There are many examples of energy efficient strategies that prove out on paper, but have also proven to be nightmarish for building occupants. What good is a super energy efficient building that people can’t stand to occupy? According to Oren Schetrit, an LBL staffer overseeing the implementation of the project, human occupant guinea pigs are provided in the form of LBL staffers that typically work in an office/lab building just next to the test lab facility. For any meaningful data to be collected, tests will need to last anywhere from several weeks to several months and require occupants be present for the duration. Occupant feedback may prove to be the most important data source for the experiments conducted.

LBL is seeking feedback from potential partners, both public and private, including product developers, innovators, research institutions, utilities and manufacturers on experiments that will be conducted at the test bed facility. LBL envisions that the fee to use the facility for the testing will vary depending on whether or not the data will be made publicly available and whether or not LBL will be a partner for the experiment.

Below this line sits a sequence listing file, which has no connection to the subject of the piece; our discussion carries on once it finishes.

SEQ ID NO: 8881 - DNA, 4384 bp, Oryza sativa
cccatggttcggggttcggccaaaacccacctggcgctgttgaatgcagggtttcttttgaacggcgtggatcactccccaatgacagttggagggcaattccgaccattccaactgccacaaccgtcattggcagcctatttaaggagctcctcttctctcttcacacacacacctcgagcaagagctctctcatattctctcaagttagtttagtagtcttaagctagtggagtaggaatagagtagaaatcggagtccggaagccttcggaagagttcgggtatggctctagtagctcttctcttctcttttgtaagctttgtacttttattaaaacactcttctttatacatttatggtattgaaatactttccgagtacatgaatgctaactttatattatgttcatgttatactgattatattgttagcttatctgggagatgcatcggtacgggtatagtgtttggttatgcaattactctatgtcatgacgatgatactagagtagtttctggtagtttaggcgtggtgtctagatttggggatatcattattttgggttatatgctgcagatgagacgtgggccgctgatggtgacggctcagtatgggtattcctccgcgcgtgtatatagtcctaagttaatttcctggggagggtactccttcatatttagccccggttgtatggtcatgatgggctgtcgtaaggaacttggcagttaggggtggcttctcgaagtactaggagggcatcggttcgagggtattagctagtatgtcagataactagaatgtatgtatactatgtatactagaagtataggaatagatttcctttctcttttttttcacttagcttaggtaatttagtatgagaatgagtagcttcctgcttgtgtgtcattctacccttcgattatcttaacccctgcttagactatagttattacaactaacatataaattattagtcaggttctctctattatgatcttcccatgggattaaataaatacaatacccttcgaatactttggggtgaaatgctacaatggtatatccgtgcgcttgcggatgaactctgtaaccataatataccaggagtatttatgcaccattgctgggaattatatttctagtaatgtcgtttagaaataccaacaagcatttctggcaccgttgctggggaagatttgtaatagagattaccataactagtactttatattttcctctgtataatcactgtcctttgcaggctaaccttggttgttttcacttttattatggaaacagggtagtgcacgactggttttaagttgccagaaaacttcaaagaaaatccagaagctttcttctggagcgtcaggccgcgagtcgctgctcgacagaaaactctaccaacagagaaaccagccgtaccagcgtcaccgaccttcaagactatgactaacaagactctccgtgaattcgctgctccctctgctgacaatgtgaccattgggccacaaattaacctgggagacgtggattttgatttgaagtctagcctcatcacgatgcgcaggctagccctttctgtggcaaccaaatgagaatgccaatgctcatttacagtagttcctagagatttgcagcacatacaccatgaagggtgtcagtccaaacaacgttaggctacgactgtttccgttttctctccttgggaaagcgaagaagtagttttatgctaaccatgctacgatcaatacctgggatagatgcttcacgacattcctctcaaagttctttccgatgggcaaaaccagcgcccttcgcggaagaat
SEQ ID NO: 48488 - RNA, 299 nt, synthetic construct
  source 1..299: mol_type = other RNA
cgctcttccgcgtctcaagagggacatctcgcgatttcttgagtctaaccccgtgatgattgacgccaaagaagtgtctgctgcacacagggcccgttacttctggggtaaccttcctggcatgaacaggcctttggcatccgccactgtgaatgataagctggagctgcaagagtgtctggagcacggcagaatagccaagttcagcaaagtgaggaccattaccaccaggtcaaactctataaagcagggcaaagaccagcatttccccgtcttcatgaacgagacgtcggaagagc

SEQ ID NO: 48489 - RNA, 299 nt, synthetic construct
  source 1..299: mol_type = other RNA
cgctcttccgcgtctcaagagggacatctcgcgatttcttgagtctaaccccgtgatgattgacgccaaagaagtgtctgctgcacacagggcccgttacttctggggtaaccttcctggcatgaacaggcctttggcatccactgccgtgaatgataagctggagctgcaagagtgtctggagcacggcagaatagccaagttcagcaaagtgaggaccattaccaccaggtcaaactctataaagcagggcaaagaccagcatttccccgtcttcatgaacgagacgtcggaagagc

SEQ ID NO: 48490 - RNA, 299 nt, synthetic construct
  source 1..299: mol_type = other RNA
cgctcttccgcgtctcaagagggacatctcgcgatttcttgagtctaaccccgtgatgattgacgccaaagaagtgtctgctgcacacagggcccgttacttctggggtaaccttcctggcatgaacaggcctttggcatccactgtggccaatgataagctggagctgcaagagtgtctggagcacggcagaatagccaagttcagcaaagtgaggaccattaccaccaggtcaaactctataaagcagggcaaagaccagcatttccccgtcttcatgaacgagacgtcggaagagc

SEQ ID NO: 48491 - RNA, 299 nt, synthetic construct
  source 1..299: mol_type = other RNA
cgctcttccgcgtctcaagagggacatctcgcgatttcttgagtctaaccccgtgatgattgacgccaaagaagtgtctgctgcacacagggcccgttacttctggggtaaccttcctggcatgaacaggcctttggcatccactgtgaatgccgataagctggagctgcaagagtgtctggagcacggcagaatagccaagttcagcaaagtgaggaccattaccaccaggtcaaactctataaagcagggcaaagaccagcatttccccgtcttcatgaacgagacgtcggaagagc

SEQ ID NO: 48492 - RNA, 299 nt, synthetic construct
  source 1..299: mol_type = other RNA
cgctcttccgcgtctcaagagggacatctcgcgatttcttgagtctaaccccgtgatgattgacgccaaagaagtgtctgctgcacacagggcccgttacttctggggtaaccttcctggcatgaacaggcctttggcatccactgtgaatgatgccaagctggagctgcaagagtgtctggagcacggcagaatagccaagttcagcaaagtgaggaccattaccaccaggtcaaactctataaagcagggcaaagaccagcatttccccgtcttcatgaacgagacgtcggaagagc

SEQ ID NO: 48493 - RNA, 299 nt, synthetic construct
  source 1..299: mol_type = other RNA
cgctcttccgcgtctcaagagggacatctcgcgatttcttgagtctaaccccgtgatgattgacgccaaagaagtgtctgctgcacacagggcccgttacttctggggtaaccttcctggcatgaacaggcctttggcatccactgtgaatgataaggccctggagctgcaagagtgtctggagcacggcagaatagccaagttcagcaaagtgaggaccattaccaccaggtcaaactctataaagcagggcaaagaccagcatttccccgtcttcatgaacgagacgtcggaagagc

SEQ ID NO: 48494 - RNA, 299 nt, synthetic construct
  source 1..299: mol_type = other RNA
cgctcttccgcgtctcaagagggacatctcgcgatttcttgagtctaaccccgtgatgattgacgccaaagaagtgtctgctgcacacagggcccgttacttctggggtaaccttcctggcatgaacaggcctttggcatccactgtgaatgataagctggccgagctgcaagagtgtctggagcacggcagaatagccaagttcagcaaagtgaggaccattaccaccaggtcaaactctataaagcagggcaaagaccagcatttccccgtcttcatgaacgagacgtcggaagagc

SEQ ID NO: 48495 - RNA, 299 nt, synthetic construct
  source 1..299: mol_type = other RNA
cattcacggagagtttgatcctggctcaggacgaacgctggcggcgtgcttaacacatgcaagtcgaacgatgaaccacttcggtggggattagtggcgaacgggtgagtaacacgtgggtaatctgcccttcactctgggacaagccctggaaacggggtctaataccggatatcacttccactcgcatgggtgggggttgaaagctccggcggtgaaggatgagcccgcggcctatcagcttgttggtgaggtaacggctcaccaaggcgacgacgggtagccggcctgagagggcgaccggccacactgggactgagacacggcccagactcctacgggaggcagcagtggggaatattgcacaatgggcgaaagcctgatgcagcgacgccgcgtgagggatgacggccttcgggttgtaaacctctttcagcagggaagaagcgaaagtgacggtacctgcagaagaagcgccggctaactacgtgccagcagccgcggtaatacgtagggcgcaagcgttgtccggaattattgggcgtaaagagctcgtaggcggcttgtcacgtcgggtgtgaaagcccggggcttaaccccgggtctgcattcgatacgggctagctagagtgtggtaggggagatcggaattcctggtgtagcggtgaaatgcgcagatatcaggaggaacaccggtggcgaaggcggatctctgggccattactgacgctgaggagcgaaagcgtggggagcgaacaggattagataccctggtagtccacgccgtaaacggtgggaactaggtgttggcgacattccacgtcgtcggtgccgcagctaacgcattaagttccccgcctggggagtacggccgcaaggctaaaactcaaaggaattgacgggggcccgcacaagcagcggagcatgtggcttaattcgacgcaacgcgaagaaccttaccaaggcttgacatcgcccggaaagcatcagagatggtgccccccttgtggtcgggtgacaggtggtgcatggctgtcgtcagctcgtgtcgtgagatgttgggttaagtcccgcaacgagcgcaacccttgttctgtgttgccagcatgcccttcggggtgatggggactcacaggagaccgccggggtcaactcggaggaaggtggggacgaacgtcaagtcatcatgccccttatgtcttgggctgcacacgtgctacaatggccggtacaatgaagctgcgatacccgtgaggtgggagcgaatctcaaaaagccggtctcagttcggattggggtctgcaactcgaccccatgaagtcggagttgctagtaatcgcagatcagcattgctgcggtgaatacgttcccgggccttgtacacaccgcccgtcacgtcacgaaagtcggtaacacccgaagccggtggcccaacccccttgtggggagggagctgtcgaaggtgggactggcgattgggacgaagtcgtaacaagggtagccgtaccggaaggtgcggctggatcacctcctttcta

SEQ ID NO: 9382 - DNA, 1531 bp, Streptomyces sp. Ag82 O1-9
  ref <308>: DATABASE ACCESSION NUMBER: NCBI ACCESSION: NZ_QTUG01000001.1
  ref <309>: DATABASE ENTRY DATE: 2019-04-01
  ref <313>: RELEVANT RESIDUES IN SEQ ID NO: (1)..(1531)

According to Schetrit, long lists of interested parties and proposed experiments have already been submitted for consideration-interest in the facility is high. To get your product or material or system on the list, go to the UTBF website (and follow the instructions for submitting a feedback request or get in touch with Oren Schetrit via email: oschetrit@lbl.gov or telephone: (510) 486-5649.

Going Big

The entire LBL test bed facility is a mere 7,000 square feet and the individual test spaces within are 20- by 30-foot, single-story boxes. One concern I have about this is that the data generated using such small spaces may not transfer all that well to large, multistory buildings. Schetrit was confident, however, that with available computer software, the data will be applicable and transferable to larger buildings. For skeptics like me, there is another test facility (of sorts) currently being planned in the New Mexico desert.

Measuring a staggering 20 square miles, a company called Pegasus Global Holdings plans to build an uninhabited, experimental city for the purpose of developing and exploring new green technologies. In a release on the company’s website, CEO Robert H. Brumley says:

“The idea for the center was born out of our own company’s challenges in trying to test new and emerging technologies beyond the confines of a sterile lab environment.”